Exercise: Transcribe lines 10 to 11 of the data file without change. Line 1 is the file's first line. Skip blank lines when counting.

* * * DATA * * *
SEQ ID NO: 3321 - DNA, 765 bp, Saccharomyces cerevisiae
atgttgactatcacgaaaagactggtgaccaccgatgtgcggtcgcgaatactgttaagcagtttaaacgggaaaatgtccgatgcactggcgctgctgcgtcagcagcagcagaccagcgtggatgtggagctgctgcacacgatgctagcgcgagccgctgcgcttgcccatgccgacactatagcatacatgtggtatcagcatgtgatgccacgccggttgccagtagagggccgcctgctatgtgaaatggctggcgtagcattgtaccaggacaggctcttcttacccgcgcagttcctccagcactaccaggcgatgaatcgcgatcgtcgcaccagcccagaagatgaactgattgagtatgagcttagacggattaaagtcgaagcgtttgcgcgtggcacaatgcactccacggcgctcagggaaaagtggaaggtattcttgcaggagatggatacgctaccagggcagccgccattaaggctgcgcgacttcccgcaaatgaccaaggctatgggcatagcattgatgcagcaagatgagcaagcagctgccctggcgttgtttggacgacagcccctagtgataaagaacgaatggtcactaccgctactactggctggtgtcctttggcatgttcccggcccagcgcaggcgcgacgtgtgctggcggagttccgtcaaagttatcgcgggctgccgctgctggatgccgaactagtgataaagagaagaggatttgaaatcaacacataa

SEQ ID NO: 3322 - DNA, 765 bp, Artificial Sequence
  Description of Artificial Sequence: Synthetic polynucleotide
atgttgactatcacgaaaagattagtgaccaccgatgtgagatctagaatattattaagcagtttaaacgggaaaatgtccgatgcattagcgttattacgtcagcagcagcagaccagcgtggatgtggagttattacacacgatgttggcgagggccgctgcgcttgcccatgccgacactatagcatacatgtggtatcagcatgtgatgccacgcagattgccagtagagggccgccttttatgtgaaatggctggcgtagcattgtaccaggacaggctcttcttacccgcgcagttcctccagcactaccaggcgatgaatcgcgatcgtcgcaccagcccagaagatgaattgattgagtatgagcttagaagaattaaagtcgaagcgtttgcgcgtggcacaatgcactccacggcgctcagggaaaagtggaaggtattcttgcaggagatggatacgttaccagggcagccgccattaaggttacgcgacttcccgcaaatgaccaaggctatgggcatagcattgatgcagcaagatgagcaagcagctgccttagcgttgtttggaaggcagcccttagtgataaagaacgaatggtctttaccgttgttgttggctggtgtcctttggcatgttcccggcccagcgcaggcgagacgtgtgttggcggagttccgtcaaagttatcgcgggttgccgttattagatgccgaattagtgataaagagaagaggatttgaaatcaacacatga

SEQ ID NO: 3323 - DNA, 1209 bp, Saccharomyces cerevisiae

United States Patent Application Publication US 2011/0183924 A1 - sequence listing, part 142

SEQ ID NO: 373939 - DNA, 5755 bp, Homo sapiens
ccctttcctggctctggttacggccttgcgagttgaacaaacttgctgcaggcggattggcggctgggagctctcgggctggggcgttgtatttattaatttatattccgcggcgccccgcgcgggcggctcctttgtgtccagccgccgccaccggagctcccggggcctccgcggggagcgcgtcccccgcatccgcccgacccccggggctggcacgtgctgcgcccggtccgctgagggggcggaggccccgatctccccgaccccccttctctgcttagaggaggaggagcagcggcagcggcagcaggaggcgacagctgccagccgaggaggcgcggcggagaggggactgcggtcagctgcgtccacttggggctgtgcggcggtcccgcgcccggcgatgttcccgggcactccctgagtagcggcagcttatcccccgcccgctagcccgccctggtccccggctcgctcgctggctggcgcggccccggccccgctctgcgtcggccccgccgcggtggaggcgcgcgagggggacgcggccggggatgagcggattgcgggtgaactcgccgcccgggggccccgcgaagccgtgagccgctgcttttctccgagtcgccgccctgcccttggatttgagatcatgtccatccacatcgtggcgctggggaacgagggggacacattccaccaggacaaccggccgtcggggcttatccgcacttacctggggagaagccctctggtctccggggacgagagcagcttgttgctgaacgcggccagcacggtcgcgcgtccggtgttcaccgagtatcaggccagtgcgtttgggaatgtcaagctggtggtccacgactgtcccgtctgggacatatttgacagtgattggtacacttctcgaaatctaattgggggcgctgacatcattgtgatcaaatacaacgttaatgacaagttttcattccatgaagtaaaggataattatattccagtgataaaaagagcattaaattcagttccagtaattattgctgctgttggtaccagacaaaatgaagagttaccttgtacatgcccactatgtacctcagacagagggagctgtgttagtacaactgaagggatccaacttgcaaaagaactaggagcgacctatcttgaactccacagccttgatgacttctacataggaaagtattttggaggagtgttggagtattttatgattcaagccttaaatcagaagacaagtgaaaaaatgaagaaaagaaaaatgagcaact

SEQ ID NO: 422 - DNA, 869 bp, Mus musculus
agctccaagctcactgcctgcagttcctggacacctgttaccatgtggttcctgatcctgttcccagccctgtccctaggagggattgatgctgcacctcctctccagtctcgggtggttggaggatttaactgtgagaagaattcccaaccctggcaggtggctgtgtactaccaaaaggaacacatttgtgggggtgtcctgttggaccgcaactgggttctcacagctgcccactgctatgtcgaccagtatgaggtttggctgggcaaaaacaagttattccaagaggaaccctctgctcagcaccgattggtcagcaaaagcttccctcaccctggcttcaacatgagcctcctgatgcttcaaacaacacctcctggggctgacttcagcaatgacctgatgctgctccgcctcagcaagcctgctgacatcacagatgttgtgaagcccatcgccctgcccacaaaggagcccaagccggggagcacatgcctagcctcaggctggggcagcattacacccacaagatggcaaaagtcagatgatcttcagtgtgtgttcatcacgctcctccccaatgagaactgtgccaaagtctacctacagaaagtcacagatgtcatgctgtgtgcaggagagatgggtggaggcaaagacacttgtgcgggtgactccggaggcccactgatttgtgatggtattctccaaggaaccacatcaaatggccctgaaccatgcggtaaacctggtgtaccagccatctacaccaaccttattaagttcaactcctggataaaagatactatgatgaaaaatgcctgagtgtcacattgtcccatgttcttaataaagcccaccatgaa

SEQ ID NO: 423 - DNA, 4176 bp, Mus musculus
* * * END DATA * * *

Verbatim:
SEQ ID NO: 422 - DNA, 869 bp, Mus musculus
agctccaagctcactgcctgcagttcctggacacctgttaccatgtggttcctgatcctgttcccagccctgtccctaggagggattgatgctgcacctcctctccagtctcgggtggttggaggatttaactgtgagaagaattcccaaccctggcaggtggctgtgtactaccaaaaggaacacatttgtgggggtgtcctgttggaccgcaactgggttctcacagctgcccactgctatgtcgaccagtatgaggtttggctgggcaaaaacaagttattccaagaggaaccctctgctcagcaccgattggtcagcaaaagcttccctcaccctggcttcaacatgagcctcctgatgcttcaaacaacacctcctggggctgacttcagcaatgacctgatgctgctccgcctcagcaagcctgctgacatcacagatgttgtgaagcccatcgccctgcccacaaaggagcccaagccggggagcacatgcctagcctcaggctggggcagcattacacccacaagatggcaaaagtcagatgatcttcagtgtgtgttcatcacgctcctccccaatgagaactgtgccaaagtctacctacagaaagtcacagatgtcatgctgtgtgcaggagagatgggtggaggcaaagacacttgtgcgggtgactccggaggcccactgatttgtgatggtattctccaaggaaccacatcaaatggccctgaaccatgcggtaaacctggtgtaccagccatctacaccaaccttattaagttcaactcctggataaaagatactatgatgaaaaatgcctgagtgtcacattgtcccatgttcttaataaagcccaccatgaa